Peer Review

In peer review, students review and critique each other’s work. This type of learning can be beneficial because it allows students to develop their critical thinking skills and to learn from the feedback of their peers.

Jigsaw Activities

Jigsaw activities are a type of cooperative learning strategy in which students work together in small groups to learn about different parts of a topic. Each student in the group is responsible for learning about one part of the topic and then teaching that part to the rest of the group.

How to Implement Jigsaw Activities

  1. Divide students into small groups (4-6 students per group).
  2. Assign each student in the group a different part of the topic to learn about.
  3. Give the students time to research their assigned topics. Students can use books, websites, or other resources to learn about their topics. It is important to provide students with a variety of resources so that they can learn about their topics in different ways.
  4. Once students have had time to research their topics, they come back together as a group and each student teaches the rest of the group about their topic.
  5. After all students have taught their topics, the groups can discuss the topic as a whole. This discussion should help students to understand the topic in a more comprehensive way.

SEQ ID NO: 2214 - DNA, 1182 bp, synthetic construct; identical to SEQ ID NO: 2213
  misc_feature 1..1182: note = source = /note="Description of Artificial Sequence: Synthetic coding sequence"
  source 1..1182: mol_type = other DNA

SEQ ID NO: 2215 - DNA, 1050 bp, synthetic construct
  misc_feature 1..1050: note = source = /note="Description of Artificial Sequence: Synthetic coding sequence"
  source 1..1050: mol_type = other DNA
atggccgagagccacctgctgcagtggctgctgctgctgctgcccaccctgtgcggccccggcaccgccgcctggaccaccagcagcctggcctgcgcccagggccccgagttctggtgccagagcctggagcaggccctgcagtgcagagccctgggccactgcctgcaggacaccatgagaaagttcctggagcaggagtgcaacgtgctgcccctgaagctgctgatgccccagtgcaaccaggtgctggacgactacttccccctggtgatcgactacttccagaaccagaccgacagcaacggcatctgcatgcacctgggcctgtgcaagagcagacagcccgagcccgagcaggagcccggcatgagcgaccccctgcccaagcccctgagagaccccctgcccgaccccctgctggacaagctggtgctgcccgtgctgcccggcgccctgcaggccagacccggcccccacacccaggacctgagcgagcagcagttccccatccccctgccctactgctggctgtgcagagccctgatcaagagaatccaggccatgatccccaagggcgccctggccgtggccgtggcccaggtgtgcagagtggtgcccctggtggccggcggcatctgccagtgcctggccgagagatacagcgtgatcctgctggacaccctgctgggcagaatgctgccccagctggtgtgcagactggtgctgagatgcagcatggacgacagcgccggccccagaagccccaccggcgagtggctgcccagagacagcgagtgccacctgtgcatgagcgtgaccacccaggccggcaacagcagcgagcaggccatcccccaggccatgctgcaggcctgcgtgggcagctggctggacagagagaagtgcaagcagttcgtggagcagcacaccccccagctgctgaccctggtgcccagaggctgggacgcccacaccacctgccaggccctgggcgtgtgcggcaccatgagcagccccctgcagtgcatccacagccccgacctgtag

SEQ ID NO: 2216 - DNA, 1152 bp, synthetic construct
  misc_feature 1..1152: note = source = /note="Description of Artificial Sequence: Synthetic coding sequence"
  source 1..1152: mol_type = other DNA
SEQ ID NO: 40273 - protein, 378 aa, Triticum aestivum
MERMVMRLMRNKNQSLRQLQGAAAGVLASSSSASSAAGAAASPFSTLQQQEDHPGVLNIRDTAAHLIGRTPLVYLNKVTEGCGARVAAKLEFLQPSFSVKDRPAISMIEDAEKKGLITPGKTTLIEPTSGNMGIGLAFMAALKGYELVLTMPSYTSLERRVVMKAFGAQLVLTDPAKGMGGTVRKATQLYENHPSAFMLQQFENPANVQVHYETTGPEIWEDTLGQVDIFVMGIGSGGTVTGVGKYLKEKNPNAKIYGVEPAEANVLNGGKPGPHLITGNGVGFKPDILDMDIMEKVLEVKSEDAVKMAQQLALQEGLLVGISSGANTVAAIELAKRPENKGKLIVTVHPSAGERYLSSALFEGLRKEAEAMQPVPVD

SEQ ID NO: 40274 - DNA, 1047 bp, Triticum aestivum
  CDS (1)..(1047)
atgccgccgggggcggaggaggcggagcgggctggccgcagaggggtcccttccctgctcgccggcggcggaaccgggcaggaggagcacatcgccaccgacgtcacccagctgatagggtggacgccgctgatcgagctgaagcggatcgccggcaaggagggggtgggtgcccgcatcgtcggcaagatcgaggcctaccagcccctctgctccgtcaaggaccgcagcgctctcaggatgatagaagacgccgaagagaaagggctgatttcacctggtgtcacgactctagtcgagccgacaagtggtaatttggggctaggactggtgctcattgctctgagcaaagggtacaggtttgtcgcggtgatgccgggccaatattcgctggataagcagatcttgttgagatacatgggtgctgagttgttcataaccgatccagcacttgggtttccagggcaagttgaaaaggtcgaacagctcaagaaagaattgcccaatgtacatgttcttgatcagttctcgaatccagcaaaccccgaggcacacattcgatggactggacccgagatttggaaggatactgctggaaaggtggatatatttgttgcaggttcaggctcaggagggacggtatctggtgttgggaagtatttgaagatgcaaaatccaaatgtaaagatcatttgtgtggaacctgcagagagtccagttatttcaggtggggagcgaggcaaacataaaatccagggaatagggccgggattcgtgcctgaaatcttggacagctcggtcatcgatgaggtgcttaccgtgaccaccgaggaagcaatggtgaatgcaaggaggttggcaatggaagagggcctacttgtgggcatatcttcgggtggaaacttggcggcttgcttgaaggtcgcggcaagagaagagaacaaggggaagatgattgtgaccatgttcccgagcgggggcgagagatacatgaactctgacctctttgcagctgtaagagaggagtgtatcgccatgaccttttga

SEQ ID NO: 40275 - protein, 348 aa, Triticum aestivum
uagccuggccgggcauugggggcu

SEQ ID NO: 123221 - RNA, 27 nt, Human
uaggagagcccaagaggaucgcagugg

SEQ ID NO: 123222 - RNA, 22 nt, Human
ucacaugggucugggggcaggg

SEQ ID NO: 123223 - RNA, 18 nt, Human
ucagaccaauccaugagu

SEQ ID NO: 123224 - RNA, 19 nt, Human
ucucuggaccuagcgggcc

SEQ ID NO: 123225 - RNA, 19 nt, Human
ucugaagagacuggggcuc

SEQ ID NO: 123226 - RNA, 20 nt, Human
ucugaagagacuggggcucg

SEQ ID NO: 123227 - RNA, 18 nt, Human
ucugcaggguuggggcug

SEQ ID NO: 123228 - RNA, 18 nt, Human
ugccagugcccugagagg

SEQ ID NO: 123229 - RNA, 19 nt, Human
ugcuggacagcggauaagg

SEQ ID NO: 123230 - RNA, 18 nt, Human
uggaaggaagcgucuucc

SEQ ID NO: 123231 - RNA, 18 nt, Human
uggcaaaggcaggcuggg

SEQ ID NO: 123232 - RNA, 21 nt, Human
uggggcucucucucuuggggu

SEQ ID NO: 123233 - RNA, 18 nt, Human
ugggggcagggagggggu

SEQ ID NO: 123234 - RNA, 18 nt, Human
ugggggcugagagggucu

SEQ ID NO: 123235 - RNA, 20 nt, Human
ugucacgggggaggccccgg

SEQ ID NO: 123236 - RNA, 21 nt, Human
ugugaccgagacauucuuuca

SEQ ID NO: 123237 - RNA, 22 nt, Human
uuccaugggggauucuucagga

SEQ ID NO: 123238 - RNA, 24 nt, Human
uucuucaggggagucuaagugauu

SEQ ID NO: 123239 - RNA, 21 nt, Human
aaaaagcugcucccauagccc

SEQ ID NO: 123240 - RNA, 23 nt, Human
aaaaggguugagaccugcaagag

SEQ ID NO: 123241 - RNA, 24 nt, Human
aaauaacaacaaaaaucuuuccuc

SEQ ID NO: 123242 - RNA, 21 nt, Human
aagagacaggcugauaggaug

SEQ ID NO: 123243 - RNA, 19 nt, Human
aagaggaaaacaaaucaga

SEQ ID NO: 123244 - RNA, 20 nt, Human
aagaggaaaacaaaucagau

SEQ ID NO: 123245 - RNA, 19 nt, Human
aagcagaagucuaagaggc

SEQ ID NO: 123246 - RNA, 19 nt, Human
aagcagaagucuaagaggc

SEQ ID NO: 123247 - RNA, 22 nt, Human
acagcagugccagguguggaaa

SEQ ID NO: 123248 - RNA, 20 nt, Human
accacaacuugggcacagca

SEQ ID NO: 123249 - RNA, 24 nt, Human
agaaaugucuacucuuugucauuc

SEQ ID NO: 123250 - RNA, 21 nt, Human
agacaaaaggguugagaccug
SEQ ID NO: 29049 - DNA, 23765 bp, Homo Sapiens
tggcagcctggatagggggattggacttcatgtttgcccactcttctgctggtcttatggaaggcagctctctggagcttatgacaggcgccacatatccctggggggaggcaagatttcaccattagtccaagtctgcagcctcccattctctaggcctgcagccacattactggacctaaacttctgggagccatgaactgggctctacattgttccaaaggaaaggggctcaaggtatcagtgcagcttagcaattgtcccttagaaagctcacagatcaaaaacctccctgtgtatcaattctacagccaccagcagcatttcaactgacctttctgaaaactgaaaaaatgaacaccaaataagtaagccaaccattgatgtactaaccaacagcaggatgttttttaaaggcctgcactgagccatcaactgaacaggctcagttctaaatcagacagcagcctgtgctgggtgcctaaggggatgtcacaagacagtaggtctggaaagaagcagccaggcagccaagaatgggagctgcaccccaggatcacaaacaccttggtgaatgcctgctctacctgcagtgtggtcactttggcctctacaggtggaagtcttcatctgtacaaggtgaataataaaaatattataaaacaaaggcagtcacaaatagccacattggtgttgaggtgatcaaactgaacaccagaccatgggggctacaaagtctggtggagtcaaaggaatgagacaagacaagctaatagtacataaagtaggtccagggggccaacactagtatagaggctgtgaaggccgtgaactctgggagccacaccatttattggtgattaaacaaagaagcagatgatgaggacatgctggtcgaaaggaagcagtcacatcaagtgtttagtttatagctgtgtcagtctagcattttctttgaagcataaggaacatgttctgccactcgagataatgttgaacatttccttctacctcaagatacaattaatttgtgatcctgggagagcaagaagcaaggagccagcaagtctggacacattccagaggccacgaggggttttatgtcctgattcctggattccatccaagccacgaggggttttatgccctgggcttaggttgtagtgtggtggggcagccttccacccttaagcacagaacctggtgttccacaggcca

Jigsaw activities can be used to teach a variety of topics, including content-area topics, such as science or history, and skills-based topics, such as how to write an essay or solve a math problem.


Think-Pair-Share is a cooperative learning strategy that encourages students to think independently, share their ideas with a partner, and then share their combined ideas with the whole class.

Problem: Students may be hesitant to share their ideas in front of the whole class.

Agitate: Think-Pair-Share allows students to generate ideas in a supportive environment.

Solution: The strategy allows them to share their ideas with a partner before sharing them with the class. This can help students feel more prepared and confident in sharing their ideas.

Problem: Students may not engage in active listening when others are sharing their ideas.

Agitate: Think-Pair-Share fosters active listening by making students responsible for sharing the ideas of their partner.

Solution: Students need to pay attention to their partner’s ideas in order to share them with the whole class. This encourages them to listen attentively and engage with the material.

Problem: Students may dominate the discussion or not get a chance to share their ideas.

Agitate: Think-Pair-Share ensures equal participation by giving each student the opportunity to share their ideas.